The first computer that I wrote a program for, in 1963 as an undergraduate student, was already old-fashioned at that time. It was a valve-based computer called Utecom at the University of New South Wales (“Utecom” was short for “University of Technology Computer”, and University of Technology was the former name of UNSW.
Utecom occupied a very large room, and broke down regularly as one of its valves failed. You changed the “operating system” (for want of a better word) by removing and replaced boards wired up different ways. The programming language was called George, and was a reverse-Polish language very similar to that used on HP calculators. In fact Utecom was very similar to, and about as powerful, as the sort of scientific calculator that you buy for about $20: all you’d need to add to that would be a punched-paper-tape reader and writer, and you’d have the whole capability with today’s technology.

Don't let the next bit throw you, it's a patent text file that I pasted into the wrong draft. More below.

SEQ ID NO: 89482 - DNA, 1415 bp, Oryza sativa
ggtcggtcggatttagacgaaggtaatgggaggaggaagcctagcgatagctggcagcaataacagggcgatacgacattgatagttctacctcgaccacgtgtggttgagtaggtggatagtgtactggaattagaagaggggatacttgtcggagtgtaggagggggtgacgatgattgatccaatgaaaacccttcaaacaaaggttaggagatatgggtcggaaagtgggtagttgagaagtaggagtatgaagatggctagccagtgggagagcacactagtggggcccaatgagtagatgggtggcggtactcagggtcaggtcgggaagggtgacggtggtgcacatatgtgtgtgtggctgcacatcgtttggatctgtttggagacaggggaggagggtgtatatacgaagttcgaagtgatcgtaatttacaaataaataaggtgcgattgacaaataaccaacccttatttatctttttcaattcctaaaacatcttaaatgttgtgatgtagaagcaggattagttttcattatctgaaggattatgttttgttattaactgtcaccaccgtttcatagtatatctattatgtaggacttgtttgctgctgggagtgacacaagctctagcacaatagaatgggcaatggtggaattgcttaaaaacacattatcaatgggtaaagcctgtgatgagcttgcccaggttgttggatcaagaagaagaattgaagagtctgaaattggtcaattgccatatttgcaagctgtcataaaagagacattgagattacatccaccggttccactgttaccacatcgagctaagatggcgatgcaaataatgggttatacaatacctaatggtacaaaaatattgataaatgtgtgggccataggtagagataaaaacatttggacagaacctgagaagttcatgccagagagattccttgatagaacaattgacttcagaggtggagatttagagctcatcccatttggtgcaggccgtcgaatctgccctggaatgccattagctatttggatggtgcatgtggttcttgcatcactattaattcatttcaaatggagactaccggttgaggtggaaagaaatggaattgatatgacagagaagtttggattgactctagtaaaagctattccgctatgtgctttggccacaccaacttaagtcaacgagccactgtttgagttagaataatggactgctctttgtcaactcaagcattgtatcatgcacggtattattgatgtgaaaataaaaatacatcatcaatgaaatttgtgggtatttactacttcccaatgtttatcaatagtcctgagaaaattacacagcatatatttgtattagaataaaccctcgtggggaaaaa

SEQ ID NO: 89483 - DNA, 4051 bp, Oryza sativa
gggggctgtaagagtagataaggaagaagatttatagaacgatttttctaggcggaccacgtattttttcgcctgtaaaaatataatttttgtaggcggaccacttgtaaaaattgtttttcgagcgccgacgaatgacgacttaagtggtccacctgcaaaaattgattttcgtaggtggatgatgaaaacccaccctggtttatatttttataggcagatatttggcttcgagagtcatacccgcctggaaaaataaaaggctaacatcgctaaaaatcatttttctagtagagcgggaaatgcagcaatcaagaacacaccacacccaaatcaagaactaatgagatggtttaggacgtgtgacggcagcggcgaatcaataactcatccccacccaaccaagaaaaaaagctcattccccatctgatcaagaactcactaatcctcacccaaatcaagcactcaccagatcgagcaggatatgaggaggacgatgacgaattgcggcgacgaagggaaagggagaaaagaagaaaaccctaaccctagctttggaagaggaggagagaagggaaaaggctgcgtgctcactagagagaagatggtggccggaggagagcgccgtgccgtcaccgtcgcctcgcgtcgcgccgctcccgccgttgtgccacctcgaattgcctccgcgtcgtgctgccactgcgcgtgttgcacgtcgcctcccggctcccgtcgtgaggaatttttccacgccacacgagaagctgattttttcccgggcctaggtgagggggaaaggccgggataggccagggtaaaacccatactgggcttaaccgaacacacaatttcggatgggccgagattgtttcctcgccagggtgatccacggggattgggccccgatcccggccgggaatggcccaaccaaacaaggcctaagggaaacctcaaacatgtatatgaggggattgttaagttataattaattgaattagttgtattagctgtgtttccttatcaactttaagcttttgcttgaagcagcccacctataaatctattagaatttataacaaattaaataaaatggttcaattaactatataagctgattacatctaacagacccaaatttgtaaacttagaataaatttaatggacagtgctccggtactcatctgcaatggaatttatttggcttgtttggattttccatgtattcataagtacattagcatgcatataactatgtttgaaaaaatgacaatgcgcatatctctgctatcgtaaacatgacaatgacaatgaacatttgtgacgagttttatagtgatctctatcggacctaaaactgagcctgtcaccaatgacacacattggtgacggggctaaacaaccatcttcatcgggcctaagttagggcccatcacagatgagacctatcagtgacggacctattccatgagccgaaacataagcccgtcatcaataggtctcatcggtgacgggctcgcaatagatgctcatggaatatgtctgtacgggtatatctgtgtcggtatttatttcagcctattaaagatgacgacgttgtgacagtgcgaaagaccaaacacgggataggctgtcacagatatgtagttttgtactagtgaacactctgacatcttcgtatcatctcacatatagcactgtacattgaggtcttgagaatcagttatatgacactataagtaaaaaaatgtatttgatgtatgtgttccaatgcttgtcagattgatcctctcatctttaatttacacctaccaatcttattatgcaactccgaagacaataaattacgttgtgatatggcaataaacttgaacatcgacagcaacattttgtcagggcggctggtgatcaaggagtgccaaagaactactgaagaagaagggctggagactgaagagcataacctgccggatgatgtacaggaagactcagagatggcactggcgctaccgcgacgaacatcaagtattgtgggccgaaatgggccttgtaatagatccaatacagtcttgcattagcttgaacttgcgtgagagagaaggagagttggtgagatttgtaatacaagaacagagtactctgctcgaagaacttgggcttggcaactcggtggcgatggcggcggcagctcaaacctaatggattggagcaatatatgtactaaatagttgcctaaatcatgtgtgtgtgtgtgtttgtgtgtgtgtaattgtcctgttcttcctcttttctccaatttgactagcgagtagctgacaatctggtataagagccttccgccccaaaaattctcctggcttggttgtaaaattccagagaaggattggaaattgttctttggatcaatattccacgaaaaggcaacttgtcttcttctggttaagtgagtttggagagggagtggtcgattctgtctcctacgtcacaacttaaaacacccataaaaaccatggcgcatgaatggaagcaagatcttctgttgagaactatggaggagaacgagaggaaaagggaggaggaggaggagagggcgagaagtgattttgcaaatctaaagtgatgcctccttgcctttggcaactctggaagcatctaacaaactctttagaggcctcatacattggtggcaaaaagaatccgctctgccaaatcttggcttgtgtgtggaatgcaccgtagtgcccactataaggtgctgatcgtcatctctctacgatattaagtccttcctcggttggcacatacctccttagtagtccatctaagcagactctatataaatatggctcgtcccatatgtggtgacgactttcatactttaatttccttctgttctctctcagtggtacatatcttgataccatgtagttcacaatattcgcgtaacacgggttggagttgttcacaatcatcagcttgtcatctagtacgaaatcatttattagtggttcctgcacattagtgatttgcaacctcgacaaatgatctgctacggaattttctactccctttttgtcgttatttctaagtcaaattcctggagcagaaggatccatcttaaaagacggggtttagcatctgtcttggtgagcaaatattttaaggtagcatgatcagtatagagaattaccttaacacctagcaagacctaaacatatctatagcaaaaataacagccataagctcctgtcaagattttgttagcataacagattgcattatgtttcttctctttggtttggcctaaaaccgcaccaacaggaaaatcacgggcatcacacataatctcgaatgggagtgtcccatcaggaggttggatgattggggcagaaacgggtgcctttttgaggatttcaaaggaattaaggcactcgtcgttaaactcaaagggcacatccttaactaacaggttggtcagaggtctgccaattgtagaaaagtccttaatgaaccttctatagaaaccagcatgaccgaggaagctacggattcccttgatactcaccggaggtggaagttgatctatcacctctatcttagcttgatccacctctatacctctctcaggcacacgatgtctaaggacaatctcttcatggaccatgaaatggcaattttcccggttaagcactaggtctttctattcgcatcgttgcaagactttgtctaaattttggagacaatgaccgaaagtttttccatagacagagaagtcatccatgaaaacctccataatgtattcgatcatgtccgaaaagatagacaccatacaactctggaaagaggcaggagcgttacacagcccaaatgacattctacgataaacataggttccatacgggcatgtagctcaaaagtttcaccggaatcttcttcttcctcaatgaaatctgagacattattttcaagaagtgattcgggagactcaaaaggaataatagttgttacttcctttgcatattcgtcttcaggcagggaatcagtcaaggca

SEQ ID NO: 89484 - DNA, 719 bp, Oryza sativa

I imagine that to emulate a typical modern-day laptop you’d need to fill every building on a large university campus with the processing units. They’d also be the fastest way to emulate RAM, and I don’t know what you could use for a hard drive except more valves: anything else would be intolerably slow. You’d need to build in redundancy, since otherwise the system would fail each time a valve failed, and that would add more valves and some sophistication into the operating system.